Premature Heat after mid-May – Spring’s pace of warming this year was more irregular then last, unseasonable cold displayed over much of April, a return visit of premature summery heat, however, coming in May. The former (mean temperature: 40 F – 1.40 inches’ precipitation) was about as cool as 1837, just one afternoon warmer than 44 F over the first two weeks, almost every night freezing. A couple of one-inch snows also fell over the period. A modest warming trend brought 68 F on the 22nd, highest of the month, but conditions then relapsed again, the 25th recording 0.75 inches’ cold rain with temperatures hovering in the mid-30’s. The 29th was similarly disagreeable with 0.32 inches’ rain/snow mixed and 29 F at mid-afternoon. This latter snow extended the 1840-41 snow season’s length to six months and 27 days, a record; total accumulation for the season finished around 40 inches. The cool spell climaxed over the first days of May with 23 F at sunrise of the 2nd, this the season’s “last freeze”. Afternoon temperature this day was only 41 F. From here, afternoon readings gradually warmed day-by-day, the 50’s reached by the end of the first week with the 60’s being general by week two. After mid-month, conditions warmed considerably, taking on a strong resemblance to last year’s anomalous heat about this time. Four straight days in the mid-80’s were felt over the 17th-20th, morning readings in the low-to-mid-60’s. Following a slight cooling, the 86 F-88 F range was attained on three of the last five afternoons. Monthly mean temperature finished at 60 F, total rainfall 1.50 inches. June (mean temperature: 70 F) was several degrees above normal with more normal rainfall, 4.24 inches on eight days. Temperatures continued unseasonably warm and humid over the first eleven, five afternoons reaching 88 F to 92 F, virtually every night in the 60’s. The 10th and 11th were especially muggy, sunrise temperatures at 70 F and 74 F, respectively. A strong cold front with thunderstorms on the night of the 11th-12th finally broke the spell, the succeeding afternoon just 66 F in the “P. M”, some 26 F cooler than 24 hours’ previous. Mostly cloudy and cool weather prevailed over the next two weeks, nearly every afternoon in the 60’s to 70’s, one morning as cool as 50 F. Warm and humid weather was back at the close, 88 F and 90 F recorded on the 27th and 28th, the last two mornings 74 F and 70 F, respectively, at sunrise. Phenological notes had strawberries “ripe” on the 12th and “abundant” on the 18th.Pleasant Summer – Similar to a year ago, May and June’s early heat did not presage an oppressive July or August. The former (mean temperature: 73 F) was only seasonable in temperature with light rainfall – 1.47 inches on three falls. The first two weeks were pleasant, nights mostly in the mid-60’s and afternoons generally in the mid-to-high 70’s. Two thunderstorms, the only ones of the month, dropped 1.37 inches during the second week. An abbreviated heat wave set in during the third week and into the fourth, four out of five afternoons over the 19th-23rd between 90 F and 93 F. Morning readings over the 20th-24th ranged from 70 F to 76 F, but only two afternoons thereafter got as warm as 84 F, one morning dipping to 53 F. August (mean temperature: 68 F) was also generally pleasant in temperature with continued light rainfall, 1.17 inches on five falls. There were no 90’s, the highest a comparatively moderate 86 F. Most afternoons over the first two weeks were in the 70’s, with a couple of mornings in the low 50’s. A brief humid term was experienced during the third week, three “A. M.” readings in a row noted in the 70’s, the “A. M.” of the 22nd, however, 48 F. The last week had a couple of afternoons confined to around 60 F with cloudy skies and northerly winds, but start of a late-season heat wave that would carry over into the early days of next month, the 31st reached 85 F.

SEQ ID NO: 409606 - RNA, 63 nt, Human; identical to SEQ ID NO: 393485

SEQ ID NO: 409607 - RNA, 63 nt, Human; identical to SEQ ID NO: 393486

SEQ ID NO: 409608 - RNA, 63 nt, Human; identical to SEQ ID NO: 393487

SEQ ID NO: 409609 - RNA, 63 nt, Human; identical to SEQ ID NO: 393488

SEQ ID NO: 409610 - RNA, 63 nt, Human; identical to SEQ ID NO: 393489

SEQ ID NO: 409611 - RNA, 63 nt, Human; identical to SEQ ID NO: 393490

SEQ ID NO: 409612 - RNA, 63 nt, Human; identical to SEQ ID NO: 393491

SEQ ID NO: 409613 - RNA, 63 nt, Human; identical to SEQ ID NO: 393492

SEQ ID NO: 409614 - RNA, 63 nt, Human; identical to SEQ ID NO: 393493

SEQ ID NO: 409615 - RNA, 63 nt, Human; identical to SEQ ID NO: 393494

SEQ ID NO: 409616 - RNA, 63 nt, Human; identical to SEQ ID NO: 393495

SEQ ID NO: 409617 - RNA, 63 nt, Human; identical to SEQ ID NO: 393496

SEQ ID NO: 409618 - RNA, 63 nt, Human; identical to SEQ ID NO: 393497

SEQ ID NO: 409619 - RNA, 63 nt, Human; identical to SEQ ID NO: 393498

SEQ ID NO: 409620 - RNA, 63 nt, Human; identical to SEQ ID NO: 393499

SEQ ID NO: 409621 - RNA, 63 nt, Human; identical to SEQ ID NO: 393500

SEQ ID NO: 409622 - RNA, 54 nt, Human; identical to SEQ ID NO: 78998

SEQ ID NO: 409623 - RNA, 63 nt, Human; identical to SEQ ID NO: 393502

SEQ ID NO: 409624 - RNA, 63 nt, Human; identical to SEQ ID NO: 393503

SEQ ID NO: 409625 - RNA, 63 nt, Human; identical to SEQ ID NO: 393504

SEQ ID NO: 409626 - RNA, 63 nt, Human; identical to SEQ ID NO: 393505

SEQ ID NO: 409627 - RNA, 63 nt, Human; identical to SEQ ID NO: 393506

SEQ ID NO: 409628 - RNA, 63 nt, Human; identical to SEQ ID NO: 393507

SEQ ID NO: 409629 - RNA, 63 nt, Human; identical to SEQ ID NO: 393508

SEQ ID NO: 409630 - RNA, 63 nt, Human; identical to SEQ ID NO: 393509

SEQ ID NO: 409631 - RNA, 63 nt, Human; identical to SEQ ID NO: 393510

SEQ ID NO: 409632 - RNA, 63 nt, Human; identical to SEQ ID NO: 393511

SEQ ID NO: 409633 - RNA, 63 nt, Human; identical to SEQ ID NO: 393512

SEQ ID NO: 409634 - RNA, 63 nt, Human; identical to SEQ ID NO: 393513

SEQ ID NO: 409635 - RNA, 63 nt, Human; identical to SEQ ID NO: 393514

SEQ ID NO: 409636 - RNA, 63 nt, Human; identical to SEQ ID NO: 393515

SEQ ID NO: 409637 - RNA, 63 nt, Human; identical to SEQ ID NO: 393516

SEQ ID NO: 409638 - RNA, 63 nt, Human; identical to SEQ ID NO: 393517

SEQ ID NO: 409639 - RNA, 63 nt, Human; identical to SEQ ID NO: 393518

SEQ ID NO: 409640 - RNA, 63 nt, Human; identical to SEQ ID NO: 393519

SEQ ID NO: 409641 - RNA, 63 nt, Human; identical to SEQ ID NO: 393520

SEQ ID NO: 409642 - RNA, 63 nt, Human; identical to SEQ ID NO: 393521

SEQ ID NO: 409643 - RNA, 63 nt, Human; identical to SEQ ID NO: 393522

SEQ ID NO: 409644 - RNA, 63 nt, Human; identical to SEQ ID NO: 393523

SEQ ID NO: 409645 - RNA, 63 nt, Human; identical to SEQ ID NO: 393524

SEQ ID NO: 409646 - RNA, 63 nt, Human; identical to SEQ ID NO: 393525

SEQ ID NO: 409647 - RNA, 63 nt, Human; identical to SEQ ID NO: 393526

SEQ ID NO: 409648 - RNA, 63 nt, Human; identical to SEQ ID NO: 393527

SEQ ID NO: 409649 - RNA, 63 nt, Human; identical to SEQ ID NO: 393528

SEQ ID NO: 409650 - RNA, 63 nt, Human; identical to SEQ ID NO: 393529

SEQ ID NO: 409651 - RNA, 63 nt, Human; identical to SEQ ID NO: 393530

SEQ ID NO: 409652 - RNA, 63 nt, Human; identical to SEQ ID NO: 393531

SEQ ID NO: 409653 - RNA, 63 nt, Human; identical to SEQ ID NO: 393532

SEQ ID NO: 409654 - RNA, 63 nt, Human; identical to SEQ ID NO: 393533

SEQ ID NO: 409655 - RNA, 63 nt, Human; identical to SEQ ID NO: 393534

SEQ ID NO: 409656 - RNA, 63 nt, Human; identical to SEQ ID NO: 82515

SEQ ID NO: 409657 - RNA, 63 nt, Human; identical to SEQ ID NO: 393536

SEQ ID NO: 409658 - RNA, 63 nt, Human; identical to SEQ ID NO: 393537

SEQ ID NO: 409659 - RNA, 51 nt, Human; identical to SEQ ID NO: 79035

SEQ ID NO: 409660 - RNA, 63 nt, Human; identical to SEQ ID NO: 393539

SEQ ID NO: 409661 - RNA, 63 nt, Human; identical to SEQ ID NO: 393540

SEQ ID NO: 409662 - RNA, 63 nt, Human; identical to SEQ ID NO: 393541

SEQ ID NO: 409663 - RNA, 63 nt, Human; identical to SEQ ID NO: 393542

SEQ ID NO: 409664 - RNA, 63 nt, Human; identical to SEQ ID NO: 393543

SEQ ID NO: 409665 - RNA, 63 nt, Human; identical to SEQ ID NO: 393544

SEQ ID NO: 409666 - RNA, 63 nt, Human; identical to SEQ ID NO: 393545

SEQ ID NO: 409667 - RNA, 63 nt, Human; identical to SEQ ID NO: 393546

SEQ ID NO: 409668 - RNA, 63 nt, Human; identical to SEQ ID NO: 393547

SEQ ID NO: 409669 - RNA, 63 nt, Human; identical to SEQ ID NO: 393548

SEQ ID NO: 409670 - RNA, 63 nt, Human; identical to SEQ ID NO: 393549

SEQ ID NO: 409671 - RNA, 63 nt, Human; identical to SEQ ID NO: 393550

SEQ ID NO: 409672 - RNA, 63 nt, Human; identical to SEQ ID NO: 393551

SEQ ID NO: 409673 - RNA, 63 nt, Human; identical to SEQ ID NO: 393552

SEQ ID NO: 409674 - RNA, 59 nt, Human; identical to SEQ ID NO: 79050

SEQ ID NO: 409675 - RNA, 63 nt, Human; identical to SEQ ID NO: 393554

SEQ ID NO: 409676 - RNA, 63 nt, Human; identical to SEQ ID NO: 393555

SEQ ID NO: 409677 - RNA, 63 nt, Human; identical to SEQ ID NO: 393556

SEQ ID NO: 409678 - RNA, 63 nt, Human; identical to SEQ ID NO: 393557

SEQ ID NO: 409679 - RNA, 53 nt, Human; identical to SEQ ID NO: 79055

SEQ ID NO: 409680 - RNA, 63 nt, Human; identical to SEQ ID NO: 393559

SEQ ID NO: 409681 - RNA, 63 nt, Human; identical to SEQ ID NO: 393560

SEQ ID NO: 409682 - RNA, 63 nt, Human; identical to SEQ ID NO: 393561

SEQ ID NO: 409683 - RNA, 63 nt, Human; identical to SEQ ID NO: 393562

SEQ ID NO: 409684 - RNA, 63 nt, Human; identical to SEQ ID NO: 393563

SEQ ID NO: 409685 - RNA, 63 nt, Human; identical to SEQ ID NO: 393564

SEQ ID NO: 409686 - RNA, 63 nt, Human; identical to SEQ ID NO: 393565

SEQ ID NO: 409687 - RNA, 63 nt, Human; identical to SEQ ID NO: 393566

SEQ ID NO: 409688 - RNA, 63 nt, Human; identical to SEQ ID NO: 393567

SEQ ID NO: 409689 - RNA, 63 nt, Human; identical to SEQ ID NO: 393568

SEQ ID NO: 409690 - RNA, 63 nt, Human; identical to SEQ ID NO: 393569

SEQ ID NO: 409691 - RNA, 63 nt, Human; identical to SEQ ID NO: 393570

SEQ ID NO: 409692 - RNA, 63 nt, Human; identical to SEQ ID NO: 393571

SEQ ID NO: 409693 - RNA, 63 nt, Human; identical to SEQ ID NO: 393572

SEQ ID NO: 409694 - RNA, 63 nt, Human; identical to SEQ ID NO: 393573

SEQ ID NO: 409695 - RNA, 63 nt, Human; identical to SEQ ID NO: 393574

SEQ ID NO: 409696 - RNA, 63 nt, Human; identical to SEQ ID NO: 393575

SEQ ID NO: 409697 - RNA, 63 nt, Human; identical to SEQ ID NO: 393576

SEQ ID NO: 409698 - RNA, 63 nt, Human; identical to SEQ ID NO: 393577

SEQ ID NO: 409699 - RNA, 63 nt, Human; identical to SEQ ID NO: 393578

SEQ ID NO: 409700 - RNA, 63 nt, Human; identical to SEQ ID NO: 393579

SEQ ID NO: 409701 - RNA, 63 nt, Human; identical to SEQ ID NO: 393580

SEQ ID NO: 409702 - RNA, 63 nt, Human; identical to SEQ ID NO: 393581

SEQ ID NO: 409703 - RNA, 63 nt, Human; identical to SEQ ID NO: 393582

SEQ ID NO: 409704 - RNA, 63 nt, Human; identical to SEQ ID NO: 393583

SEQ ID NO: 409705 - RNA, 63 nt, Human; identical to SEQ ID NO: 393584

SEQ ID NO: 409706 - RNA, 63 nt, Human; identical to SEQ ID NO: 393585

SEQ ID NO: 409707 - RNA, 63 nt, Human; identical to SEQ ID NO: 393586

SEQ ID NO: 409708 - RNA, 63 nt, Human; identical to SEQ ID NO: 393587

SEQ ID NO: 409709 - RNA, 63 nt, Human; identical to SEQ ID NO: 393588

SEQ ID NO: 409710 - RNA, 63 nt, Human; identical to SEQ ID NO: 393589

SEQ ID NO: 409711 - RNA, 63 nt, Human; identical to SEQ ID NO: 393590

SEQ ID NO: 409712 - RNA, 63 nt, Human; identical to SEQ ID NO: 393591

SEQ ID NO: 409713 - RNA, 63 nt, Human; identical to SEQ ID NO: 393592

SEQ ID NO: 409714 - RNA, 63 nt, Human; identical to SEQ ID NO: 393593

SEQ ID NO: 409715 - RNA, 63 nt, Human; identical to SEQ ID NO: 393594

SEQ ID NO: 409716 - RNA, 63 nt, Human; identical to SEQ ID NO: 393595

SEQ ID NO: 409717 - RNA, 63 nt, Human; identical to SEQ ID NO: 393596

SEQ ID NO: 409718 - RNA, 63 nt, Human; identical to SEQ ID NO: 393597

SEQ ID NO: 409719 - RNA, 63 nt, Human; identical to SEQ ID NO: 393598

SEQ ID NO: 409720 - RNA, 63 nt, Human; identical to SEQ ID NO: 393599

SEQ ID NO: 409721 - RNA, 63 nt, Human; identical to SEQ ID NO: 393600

Extraordinarily Cold/Wet Early Fall – September (mean temperature: 54 F, coldest in 22 years) brought the first of a series of extraordinary and extended below normal temperatures spells that would set in at scattered intervals over the next several years. Unseasonable heat, however, predominated early, 90 F to 92 F readings recorded on the 4th, 5th, and 6th. Following .15 inches’ rain on the evening of the latter, though, an exceptionally strong cold front, almost winter-like in intensity, swept through, bringing mid-autumn-like temperatures in the space of a few hours. Next afternoon, the mercury stood at just 51 F, 39 F lower than 24 hours’ previous, the following sunrise [of the 8th] 40 F. Afternoon temperatures displayed a gradual up-trend over the next week, 72 F reached on the 14th, but another cold spell then set in, the next eight days exceptionally chilly for mid-September with no afternoons readings higher than 50 F. Only one afternoon reached as warm as 60 F over the whole rest of the month, numerous nights dropping into the 30’s; the 17th was 32 F at sunrise. Adding to the general unpleasantness, a heavy rainstorm dropped 3.05 inches on the 19th, another series of storms over the 25th-27th drenching the Post with 6.10 inches more.
Cincinnati Riots of 1841:
On 1 August 1841, the black leaders held ceremonies to commemorate the Slavery Abolition Act 1833 that abolished slavery in the British colonies (except for India). Their celebration was viewed with hostility by many whites. That month the city experienced a drought and heat wave that caused the Ohio River to drop to the lowest waterline yet recorded, putting many men out of work who were dependent on river traffic. Idled and hot, men grew testy and argumentative.
Tensions mounted, with several scuffles between whites and blacks in their crowded neighborhoods. On the evening of Tuesday, 31 August, a group of Irish men got into a fight with some blacks. On Wednesday, the fight resumed. A mob of white men armed with clubs attacked the occupants of a black boarding house. The brawl spread to involve occupants of neighboring houses and lasted nearly an hour. Although several people were wounded on both sides, no one reported the incident to the police and no arrests were made. Another encounter took place on Thursday in which two white youths were badly injured, apparently with knives. That day, bands of angry whites were roaming the city. An eyewitness said blacks were "assaulted wherever found in the streets, and with such weapons and violence as to cause death."
Nikki Marie Taylor (2005). Frontiers of freedom: Cincinnati's Black Community, 1802-1868. Ohio University Press. p. 199ff. ISBN 0-8214-1579-4. Retrieved 2010-10-29.
July 16, 1841, Indiana American, Brookville, Franklin County, Page 3: